Back to the Sep-Oct 2019 issue

How Minnetonka Recruited More Firefighter Candidates Than Ever

By Justin Quinn Pelegano

Minnetonka is a suburban community of 50,000 located eight miles west of Minneapolis. While our city has many special qualities, one area where we’re not unique is in our challenge to recruit firefighters.

It’s a statewide concern. And for Minnetonka, it’s been a tough road made only tougher by a record number of firefighter retirements in 2018.

The challenge

The paid on-call model is a hard draw and can feel like a mere step removed from asking residents to risk their lives walking into flames on a completely volunteer basis. Couple that with an aging-in-place population and the requirement that all our firefighters live no more than 15 minutes from one of Minnetonka’s four fire stations, and it’s no wonder our recruitment barriers sometimes seem insurmountable.

In 2018, the Minnetonka Fire Department received only 18 applications for new recruits. The majority of those washed out during the physical testing phase. It was crucial for the 2019 recruitment class to be bigger and better.

In mid-2018, Minnetonka Fire Chief John Vance approached our three-person communications team with the idea to hire an outside marketing consultant specializing in firefighter recruitment.

The consulting firm in question wasn’t local; neither was it cheap ($20,000 for a campaign). But the real reason our communications team convinced Chief Vance to take an alternate and internal route toward beefing up his ranks was this: we were confident we could help and genuinely excited to collaborate with and serve our Fire Department. We had five months to get it done.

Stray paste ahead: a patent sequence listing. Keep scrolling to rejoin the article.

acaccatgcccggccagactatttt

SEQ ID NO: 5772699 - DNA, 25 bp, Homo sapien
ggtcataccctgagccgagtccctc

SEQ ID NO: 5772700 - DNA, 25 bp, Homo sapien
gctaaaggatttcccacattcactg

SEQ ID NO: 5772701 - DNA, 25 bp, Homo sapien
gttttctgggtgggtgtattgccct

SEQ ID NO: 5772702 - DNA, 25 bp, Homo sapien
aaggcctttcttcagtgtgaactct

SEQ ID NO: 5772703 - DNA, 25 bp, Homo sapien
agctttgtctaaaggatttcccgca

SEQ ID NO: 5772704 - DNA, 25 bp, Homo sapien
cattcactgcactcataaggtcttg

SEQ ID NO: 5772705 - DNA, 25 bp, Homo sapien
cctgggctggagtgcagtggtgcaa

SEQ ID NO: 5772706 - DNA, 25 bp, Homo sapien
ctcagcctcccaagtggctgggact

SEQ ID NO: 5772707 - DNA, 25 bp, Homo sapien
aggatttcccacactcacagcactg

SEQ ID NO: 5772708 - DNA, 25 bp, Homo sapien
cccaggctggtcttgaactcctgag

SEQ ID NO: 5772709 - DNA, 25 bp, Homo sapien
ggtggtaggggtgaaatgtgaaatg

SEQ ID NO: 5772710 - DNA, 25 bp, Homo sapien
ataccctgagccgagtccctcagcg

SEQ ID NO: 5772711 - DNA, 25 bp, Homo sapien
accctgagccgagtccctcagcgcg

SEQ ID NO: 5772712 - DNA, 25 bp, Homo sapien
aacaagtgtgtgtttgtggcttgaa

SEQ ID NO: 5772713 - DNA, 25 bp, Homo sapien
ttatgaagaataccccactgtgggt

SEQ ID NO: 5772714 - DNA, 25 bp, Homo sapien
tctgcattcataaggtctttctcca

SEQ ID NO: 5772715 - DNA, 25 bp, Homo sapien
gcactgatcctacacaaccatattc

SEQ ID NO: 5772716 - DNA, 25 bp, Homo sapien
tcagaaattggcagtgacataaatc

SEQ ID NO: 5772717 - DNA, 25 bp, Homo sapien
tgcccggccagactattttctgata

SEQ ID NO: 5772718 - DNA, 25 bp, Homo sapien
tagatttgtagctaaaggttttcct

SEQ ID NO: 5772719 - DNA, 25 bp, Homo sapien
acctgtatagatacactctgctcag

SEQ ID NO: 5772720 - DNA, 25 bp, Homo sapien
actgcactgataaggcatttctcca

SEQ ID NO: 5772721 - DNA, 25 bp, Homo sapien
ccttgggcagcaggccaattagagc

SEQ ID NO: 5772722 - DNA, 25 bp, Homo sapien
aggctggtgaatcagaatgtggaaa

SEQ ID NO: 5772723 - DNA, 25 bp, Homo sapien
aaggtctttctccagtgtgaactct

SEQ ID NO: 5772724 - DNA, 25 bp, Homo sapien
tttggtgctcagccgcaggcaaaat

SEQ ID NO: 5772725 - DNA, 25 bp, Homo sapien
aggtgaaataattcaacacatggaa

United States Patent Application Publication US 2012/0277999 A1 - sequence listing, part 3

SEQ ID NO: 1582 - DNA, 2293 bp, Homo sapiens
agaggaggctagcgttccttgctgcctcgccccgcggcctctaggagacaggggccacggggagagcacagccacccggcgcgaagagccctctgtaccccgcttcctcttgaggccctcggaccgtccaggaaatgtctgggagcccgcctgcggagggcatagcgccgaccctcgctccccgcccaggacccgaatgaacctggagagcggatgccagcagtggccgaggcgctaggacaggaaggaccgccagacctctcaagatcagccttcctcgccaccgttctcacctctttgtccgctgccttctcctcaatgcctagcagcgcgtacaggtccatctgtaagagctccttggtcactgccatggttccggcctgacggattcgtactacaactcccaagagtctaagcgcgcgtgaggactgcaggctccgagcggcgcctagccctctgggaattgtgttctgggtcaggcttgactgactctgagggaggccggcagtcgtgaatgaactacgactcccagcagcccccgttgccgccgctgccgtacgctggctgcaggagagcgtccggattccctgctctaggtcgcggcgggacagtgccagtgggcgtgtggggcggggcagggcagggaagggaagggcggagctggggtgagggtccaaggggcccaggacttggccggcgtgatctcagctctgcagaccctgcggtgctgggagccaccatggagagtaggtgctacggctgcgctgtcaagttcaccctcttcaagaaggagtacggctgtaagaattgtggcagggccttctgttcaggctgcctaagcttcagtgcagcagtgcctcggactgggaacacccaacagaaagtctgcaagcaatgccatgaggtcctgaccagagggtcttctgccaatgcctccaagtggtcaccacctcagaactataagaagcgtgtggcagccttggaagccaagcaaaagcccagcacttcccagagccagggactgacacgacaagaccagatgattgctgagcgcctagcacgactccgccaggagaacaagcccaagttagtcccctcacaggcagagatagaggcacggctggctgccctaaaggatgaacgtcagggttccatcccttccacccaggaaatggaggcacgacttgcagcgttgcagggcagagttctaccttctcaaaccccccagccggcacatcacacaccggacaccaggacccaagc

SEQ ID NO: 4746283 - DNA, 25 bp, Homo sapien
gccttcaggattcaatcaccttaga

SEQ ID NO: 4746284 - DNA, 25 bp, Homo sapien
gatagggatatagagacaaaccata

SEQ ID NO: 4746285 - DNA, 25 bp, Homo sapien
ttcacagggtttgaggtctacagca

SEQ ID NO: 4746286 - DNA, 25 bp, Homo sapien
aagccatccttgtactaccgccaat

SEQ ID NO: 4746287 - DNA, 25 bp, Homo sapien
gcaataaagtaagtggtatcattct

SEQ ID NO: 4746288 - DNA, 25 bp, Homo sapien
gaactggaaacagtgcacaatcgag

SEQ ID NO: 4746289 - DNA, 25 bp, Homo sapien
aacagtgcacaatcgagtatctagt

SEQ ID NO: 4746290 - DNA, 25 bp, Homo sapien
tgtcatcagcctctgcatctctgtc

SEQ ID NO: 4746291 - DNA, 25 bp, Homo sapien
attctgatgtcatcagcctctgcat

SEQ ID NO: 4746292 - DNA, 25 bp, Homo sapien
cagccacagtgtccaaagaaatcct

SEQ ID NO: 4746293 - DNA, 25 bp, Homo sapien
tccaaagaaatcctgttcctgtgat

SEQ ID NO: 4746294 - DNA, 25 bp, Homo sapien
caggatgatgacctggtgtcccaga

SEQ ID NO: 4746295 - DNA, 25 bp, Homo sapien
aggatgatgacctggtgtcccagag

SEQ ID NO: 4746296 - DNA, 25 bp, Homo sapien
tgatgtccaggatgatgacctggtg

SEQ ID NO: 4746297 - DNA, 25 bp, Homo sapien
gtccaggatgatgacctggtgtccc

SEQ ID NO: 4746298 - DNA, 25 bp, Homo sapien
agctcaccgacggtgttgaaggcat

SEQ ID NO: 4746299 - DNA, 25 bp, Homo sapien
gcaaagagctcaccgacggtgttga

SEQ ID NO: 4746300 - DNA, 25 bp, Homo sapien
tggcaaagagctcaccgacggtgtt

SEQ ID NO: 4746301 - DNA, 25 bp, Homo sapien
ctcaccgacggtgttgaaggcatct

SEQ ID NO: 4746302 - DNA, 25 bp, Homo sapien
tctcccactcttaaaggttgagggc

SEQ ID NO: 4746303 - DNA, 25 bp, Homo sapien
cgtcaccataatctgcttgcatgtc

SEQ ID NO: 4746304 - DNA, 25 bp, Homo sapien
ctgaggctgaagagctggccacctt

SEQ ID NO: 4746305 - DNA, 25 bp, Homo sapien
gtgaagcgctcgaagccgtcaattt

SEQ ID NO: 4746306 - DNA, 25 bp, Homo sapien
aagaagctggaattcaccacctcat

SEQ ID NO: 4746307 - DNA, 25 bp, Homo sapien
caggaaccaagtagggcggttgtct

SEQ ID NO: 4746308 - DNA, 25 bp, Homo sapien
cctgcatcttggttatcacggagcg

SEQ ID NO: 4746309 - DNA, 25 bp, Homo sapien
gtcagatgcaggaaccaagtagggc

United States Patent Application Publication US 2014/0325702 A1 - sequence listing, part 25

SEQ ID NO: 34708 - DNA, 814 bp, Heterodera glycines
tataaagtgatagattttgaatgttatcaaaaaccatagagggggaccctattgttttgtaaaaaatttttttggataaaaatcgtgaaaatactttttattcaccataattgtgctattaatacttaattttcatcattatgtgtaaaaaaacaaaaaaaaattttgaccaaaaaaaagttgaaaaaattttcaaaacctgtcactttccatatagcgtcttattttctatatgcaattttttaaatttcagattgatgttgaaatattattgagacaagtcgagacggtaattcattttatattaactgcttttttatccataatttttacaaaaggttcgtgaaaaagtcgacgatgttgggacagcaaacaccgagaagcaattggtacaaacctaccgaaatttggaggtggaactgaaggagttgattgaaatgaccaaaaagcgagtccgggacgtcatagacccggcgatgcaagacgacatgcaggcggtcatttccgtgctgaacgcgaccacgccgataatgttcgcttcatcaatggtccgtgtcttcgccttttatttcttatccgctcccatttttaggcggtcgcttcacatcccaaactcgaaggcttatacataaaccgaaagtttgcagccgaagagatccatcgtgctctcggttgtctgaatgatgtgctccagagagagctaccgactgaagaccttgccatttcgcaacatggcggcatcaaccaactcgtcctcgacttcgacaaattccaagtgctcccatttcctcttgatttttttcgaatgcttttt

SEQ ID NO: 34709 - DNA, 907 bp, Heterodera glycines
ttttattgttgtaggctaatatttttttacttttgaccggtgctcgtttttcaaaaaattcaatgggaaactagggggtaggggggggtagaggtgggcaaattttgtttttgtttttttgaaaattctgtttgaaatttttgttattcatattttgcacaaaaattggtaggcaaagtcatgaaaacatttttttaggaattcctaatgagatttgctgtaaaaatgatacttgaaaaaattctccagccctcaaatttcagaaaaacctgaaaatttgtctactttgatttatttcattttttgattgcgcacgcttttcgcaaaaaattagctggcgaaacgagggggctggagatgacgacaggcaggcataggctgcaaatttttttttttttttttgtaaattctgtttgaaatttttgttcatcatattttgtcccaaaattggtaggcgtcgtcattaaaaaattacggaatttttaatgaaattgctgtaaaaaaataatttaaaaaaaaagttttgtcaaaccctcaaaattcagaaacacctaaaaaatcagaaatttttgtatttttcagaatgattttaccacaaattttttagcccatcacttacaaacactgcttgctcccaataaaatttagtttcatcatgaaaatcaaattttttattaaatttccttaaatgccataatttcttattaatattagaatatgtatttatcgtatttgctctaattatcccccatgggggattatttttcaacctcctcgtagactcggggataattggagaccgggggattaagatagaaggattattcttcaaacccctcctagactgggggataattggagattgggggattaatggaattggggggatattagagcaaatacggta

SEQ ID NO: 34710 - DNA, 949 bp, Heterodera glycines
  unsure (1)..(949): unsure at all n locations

Developing our strategy

Right from the start, we knew the heart of our recruitment strategy was our team of current firefighters. Over the course of several group meetings, we discussed the barriers to bringing on new fire staff. But those obstacles were not what we wanted to communicate to our residents in an earnest bid for them to apply to the department.

What we were most interested in discovering, and what we really dug for in those meetings, were the reasons our firefighters had chosen to pursue this work and the reasons they had stayed.

Service to our community. Deep and enduring camaraderie. The special motivation to remain physically fit. An antidote to sitting in front of a computer all day. An incomparable feeling of usefulness and gratitude.

Basing our recruitment strategy on those exact sentiments, we called our campaign: “Give More. Be More. Become a Minnetonka Firefighter.”

Reaching the audience

Our marketing plan engaged target audiences across several key platforms, including mass emails, social media, and dynamic billboards. Messaging also reached potential applicants through direct mail and printed handouts.

To put a face to Minnetonka Fire, we posted firefighter Q&As on the city’s website. We also hired a professional photographer and encouraged her to capture moments of connection and camaraderie during a fire training session. Perhaps most importantly, we empowered current Minnetonka firefighters as effective recruiters and provided them with tools and talking points to connect with potential applicants. They personally delivered marketing collateral to the community, both on the job and at Fire Department open house events. These materials directed interested residents to Minnetonka’s website, where we had streamlined and reinvented the fire recruitment pages with bold visuals, an interest form, and a user-friendly application process.

Thrilling results

By Jan. 1, 2019—the application deadline for new recruits—Chief Vance informed us the city had received an unprecedented 53 firefighter applications, which marked a 194% increase from the previous year.

We were naturally beaming with pride at that news, because—except for a freelance photographer and graphic designer—the entire project had been accomplished in-house. The total cost was $1,500.

Chief Vance and his command staff were thrilled. We’re told the resulting 2019 class of Minnetonka firefighters is unusually strong.

And that makes us thrilled, too—for our Fire Department and our city—and grateful for the tremendous trust Chief Vance placed in our three-person communications team.

Justin Quinn Pelegano is senior communications coordinator with the City of Minnetonka. Contact: or (952) 939-8384.